In some embodiments, the above materials are augmented with an adhesive or sealant material to aid in sealing of the annular ring insertion hole formed by the cannulated tool to prevent herniation around the insertion hole following implantation. Potential materials include platelet-rich plasma clotted with thrombin, fibrin glue, cyanoacrylates, crosslinked proteins (such as gluteraldehyde and albumin) and polymers, and muscle adhesive protein.
The invention also contemplates that the SIS material or the nucleus pulposus augmentation or replacement material of this invention may be contacted or otherwise cultured with tissue repair cells for a period of time prior to implantation. Alternatively, bioactive factors may be adsorbed onto or absorbed into the repair material prior to implantation.
Examples of suitable repair cells include cells harvested from spinal discs in the body such as nucleus pulposus cells and annulus fibrosis cells. Other examples include but are not limited to: stem cells, bone marrow cells, fibrocytes, adipocytes and chondrocytes.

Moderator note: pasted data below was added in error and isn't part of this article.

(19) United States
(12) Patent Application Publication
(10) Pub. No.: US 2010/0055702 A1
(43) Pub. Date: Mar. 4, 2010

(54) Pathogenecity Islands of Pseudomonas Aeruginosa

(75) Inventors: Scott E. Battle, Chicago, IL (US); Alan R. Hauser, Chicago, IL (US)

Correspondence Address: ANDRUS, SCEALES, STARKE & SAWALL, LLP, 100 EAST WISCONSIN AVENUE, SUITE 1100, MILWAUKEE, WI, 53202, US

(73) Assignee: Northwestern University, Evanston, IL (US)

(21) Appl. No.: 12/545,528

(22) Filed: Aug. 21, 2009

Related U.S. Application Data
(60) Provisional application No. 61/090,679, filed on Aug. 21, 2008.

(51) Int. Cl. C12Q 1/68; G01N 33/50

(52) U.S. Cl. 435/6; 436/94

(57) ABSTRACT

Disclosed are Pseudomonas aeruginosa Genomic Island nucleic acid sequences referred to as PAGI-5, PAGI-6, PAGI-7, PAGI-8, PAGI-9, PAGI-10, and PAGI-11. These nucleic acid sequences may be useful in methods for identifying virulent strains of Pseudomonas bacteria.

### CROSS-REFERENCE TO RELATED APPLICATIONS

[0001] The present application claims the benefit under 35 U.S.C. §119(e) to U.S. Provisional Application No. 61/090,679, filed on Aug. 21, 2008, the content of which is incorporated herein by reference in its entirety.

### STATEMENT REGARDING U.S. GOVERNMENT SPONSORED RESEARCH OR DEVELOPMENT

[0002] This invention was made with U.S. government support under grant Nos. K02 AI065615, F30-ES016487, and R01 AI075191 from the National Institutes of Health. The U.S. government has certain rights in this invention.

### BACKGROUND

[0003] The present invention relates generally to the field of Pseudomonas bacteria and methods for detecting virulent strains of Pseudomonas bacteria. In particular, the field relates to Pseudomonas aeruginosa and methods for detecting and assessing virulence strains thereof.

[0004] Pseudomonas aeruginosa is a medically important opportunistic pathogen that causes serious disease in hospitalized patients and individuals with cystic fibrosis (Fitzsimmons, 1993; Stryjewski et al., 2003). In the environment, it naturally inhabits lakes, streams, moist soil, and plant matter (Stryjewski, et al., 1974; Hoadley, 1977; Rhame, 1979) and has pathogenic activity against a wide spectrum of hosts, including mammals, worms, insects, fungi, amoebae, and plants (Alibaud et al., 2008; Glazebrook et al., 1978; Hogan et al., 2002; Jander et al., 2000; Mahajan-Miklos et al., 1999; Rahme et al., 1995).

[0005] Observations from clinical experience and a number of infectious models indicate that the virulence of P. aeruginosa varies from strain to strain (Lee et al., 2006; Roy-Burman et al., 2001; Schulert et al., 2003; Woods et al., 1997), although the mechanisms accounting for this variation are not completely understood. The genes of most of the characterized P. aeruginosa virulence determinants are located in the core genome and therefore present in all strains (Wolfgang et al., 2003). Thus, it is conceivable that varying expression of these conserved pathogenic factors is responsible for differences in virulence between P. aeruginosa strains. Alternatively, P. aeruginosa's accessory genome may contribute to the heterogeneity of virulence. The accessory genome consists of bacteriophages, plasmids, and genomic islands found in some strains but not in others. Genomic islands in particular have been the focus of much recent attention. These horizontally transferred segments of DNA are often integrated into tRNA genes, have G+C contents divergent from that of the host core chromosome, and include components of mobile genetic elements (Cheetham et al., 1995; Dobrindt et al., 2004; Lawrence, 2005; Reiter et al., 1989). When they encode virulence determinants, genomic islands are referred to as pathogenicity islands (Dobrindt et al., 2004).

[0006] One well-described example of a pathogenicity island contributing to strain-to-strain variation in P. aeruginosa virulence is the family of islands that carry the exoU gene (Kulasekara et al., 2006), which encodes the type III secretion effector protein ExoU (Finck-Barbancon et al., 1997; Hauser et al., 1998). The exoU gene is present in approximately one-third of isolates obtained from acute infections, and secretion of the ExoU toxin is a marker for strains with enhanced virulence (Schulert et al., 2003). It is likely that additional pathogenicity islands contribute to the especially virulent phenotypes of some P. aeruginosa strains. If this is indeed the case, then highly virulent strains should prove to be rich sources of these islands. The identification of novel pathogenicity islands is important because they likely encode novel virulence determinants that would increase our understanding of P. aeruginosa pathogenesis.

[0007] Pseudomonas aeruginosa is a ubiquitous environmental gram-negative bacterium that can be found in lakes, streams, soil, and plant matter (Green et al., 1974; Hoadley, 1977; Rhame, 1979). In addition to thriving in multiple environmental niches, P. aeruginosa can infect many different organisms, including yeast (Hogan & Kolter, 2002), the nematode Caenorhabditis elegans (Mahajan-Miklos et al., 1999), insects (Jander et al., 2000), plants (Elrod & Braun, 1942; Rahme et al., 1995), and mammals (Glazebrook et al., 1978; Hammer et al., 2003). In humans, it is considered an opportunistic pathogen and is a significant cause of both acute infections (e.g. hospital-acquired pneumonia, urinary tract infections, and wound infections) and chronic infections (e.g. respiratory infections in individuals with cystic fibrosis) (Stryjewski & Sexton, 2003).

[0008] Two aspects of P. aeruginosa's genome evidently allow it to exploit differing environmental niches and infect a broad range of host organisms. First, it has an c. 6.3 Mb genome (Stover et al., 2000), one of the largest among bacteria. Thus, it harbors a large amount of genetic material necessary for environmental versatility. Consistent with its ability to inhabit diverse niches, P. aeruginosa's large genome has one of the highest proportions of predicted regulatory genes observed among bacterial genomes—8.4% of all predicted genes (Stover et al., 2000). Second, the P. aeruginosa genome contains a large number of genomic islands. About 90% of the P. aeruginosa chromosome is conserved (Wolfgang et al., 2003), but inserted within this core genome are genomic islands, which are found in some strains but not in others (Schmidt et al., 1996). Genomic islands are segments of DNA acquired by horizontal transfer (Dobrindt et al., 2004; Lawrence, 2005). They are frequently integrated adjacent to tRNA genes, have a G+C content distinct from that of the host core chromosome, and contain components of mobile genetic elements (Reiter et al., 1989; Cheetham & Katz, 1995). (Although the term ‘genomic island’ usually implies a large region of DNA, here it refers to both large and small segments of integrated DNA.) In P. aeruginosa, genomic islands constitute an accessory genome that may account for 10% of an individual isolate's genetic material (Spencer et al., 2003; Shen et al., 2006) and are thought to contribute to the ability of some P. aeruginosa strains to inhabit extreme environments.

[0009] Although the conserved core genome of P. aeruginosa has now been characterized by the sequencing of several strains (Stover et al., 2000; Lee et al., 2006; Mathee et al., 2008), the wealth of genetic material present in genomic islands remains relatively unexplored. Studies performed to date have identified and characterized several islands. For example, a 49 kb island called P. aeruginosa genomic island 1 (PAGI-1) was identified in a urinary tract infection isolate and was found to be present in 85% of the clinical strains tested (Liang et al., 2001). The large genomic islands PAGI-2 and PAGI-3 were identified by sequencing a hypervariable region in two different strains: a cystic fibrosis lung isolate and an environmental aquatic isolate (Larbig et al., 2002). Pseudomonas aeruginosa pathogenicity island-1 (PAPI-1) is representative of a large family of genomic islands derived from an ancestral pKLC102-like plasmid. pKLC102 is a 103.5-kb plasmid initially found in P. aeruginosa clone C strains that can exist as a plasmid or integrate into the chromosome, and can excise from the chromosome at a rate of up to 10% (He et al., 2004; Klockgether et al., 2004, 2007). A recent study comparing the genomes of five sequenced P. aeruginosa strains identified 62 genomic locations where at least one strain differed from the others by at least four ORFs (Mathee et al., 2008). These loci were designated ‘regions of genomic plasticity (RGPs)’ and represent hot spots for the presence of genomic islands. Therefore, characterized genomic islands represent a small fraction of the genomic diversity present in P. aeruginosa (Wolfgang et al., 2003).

Additionally, suitable repair cells may be derived from soaking, coating, or otherwise contacting the SIS or nucleus pulposus augmentation or replacement material in bone marrow aspirate, platelet rich plasma, platelet poor plasma, whole blood, serum or other autologous media.
Examples of suitable bioactive factors include but are not limited to transforming growth factor-beta and agents in the same family of growth factors, platelet-derived growth factors, fibroblast growth factors, insulin-like growth factors, protein polymers such as RGD-peptides and Indian Hedgehog proteins, anti-inflammatory agents, angiogenic factors, hormones, hyaluronic acid and the like.
More specific examples of suitable transforming growth factor-beta and agents in the same family of growth factors, include, but are not limited to, TGF-β1, TGF-β2, and TGF-β3, GDF-5, MP52, and BMPs (bone morphogenetic proteins).
Additionally, the vertebral endplates may be decorticated “curretted/picked” to cause bleeding into the disc space to allow adequate nutritional supply for the SIS or nucleus pulposus augmentation or replacement material remodeling.
It should be understood that the foregoing disclosure and description of the present invention are illustrative and explanatory thereof and various changes in the size, shape and materials as well as in the description of the preferred embodiment may be made without departing from the spirit of the invention.